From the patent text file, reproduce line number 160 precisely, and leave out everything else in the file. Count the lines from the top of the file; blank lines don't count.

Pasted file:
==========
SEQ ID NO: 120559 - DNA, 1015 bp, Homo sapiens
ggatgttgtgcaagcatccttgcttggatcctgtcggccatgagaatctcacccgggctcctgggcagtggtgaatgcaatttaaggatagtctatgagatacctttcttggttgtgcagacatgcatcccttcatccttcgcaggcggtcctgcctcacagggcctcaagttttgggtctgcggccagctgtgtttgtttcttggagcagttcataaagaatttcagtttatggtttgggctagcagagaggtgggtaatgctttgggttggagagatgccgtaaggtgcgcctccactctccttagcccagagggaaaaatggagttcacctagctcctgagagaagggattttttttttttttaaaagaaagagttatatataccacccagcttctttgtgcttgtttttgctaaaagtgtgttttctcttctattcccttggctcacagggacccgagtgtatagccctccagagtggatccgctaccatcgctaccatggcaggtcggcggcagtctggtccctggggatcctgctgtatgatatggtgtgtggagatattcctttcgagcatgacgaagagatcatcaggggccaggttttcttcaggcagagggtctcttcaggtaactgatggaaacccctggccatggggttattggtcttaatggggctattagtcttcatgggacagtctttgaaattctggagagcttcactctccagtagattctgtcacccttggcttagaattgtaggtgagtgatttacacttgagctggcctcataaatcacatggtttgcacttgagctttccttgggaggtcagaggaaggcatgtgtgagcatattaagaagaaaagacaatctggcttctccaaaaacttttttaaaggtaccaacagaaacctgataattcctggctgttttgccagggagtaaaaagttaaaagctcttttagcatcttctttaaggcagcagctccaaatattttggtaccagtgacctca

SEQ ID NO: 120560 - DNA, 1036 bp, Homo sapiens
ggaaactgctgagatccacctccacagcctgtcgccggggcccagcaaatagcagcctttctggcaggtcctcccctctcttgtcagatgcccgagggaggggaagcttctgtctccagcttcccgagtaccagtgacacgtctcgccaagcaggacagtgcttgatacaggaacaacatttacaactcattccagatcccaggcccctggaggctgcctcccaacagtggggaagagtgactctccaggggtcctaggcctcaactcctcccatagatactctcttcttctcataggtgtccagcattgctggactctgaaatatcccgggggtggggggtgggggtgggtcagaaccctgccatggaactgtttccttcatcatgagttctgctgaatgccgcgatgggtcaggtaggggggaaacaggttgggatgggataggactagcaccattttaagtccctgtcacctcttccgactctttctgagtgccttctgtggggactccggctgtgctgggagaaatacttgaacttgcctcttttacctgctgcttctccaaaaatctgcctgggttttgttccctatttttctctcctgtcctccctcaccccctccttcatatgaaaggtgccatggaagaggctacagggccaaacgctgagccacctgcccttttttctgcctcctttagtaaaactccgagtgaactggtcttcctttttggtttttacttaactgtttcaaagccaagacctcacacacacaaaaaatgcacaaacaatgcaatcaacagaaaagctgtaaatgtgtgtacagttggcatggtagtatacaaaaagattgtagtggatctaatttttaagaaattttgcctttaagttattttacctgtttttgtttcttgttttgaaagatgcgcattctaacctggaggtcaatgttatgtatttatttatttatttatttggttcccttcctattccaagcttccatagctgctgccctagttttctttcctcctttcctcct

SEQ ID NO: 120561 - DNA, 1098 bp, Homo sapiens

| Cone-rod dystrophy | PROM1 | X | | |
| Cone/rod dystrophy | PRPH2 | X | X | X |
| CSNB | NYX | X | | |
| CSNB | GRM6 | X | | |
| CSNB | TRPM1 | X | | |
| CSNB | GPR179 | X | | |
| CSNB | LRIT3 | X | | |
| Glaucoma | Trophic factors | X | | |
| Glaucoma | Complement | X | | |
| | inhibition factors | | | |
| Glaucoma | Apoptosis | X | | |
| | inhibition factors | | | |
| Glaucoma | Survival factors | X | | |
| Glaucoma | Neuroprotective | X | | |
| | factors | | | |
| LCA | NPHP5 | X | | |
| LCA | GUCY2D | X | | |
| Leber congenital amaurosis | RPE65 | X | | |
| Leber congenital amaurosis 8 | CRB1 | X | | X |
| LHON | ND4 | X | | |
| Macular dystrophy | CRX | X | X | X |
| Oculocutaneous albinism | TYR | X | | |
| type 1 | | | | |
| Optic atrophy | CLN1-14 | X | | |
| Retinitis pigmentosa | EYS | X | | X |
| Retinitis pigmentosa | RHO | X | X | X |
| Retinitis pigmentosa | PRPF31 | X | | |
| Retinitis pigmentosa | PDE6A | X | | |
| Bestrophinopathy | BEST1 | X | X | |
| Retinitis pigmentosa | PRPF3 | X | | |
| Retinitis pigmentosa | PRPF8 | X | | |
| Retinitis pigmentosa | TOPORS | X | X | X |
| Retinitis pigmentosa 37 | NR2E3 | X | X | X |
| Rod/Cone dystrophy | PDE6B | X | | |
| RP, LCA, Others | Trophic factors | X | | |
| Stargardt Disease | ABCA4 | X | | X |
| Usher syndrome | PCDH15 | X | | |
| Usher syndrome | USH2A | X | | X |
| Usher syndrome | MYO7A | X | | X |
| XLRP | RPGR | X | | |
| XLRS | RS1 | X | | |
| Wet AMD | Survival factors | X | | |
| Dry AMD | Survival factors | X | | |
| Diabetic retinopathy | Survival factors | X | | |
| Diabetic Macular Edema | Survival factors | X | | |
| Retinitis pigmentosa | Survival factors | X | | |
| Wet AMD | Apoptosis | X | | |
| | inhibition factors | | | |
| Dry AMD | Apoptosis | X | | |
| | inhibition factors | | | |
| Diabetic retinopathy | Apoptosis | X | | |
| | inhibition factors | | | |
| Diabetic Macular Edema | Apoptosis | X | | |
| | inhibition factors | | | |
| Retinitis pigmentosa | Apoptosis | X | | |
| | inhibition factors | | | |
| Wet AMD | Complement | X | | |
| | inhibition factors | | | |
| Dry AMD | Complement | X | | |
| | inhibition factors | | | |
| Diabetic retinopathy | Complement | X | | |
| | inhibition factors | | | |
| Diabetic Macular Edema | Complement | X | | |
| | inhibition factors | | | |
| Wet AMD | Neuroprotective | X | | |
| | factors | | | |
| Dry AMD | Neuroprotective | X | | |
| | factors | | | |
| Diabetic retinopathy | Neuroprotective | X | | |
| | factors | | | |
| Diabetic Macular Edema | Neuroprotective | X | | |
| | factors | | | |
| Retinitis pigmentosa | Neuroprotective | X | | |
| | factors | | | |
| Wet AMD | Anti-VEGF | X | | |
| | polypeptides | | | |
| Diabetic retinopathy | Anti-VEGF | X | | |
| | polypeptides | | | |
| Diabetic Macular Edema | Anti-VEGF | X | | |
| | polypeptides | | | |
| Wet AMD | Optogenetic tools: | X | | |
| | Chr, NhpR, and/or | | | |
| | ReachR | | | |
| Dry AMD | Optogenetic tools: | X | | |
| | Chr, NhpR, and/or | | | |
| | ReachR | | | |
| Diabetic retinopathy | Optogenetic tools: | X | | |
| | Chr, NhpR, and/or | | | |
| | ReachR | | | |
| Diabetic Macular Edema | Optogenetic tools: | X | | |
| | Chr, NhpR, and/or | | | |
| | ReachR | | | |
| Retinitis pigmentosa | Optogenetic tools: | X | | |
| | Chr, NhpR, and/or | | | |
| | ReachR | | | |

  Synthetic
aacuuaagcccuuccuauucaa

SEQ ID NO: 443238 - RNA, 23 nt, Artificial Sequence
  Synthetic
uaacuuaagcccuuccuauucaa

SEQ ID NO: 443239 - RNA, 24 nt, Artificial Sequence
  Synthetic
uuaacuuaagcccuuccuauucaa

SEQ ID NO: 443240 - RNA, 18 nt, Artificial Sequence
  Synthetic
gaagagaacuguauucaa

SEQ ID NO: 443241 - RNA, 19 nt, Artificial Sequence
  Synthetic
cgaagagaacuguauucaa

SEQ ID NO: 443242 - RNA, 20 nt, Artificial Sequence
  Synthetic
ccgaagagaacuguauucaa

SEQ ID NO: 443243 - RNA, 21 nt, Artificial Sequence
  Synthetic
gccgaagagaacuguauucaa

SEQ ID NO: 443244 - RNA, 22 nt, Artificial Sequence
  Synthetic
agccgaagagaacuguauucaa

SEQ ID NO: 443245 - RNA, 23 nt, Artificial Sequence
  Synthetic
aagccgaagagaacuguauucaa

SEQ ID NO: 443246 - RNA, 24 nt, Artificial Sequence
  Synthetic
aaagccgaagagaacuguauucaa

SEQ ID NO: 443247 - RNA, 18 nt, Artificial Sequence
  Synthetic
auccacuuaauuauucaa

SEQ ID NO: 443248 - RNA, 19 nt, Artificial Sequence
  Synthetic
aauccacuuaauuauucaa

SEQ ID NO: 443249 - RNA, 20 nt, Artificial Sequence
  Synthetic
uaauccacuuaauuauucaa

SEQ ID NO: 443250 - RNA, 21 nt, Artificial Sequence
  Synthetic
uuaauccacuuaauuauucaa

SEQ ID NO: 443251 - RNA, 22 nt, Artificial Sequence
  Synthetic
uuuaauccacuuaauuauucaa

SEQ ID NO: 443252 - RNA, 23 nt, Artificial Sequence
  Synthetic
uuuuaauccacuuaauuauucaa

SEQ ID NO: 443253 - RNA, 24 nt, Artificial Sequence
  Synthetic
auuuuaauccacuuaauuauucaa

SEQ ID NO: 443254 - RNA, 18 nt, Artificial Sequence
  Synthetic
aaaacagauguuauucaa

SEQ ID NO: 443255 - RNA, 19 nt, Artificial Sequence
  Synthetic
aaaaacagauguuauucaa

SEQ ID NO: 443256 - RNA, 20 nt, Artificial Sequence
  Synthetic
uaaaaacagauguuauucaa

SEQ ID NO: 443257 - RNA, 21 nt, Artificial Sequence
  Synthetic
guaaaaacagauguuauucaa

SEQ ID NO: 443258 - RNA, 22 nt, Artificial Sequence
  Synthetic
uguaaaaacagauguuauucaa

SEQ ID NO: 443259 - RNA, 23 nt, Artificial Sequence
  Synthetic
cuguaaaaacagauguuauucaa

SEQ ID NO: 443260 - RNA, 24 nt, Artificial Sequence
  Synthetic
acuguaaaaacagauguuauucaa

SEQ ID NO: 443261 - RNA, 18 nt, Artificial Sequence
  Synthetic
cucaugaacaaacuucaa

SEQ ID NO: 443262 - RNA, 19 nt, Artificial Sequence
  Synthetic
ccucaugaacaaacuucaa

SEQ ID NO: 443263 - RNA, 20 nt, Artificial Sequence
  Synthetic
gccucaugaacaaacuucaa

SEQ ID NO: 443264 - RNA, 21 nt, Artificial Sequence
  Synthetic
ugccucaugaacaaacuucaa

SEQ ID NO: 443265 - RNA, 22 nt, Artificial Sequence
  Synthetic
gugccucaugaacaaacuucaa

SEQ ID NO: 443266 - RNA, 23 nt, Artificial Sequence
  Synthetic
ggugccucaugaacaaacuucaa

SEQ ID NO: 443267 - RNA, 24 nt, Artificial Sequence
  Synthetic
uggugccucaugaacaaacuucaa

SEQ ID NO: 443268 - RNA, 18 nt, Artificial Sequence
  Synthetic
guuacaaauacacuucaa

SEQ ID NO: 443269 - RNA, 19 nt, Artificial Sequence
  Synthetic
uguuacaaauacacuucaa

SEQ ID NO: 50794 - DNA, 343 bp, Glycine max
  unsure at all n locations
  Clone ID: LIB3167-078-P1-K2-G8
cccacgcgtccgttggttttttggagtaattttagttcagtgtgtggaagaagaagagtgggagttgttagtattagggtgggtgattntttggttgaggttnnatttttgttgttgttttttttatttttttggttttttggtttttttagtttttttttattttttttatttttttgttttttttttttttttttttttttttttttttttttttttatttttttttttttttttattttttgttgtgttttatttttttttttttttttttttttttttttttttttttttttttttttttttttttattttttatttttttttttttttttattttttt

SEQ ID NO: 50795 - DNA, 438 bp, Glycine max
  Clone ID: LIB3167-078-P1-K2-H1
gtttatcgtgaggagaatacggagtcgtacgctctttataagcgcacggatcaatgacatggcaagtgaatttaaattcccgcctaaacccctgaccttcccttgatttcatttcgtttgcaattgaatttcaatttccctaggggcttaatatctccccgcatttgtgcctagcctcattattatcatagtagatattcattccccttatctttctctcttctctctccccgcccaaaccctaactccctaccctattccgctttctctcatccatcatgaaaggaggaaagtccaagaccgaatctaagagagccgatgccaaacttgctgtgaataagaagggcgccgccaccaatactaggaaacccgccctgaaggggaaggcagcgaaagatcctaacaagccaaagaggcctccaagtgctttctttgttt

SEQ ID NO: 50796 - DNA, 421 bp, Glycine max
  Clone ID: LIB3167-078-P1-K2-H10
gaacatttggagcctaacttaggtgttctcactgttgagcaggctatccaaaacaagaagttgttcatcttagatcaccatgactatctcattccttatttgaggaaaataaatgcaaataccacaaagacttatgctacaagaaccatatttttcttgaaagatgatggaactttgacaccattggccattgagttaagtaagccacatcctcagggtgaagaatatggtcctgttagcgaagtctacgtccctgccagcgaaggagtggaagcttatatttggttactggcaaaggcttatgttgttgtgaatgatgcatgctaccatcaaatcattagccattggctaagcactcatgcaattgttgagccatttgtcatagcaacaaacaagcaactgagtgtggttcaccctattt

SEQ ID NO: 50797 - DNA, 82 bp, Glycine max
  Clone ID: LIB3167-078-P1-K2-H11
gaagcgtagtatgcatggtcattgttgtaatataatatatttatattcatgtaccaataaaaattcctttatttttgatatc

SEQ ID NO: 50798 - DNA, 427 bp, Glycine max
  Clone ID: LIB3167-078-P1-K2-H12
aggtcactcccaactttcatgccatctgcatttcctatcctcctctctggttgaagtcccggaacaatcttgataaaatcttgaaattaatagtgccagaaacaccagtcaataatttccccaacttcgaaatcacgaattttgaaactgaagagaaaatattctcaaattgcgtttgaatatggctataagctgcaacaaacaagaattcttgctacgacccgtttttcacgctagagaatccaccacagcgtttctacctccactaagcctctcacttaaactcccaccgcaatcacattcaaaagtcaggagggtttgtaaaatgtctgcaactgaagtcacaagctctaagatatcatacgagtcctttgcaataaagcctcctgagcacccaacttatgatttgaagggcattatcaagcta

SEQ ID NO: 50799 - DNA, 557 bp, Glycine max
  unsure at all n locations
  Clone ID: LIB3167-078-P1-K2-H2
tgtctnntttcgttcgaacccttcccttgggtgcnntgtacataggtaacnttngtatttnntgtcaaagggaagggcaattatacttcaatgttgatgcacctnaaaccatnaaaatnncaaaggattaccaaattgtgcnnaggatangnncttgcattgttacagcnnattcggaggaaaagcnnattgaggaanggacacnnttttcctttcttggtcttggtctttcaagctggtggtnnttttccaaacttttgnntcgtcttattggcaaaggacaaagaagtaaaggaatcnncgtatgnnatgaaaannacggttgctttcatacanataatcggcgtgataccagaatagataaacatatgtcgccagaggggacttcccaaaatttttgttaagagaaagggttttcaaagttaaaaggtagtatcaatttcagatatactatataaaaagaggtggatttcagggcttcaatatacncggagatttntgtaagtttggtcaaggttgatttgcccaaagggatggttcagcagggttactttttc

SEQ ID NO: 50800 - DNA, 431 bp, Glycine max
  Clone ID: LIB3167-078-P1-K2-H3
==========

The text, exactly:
SEQ ID NO: 443257 - RNA, 21 nt, Artificial Sequence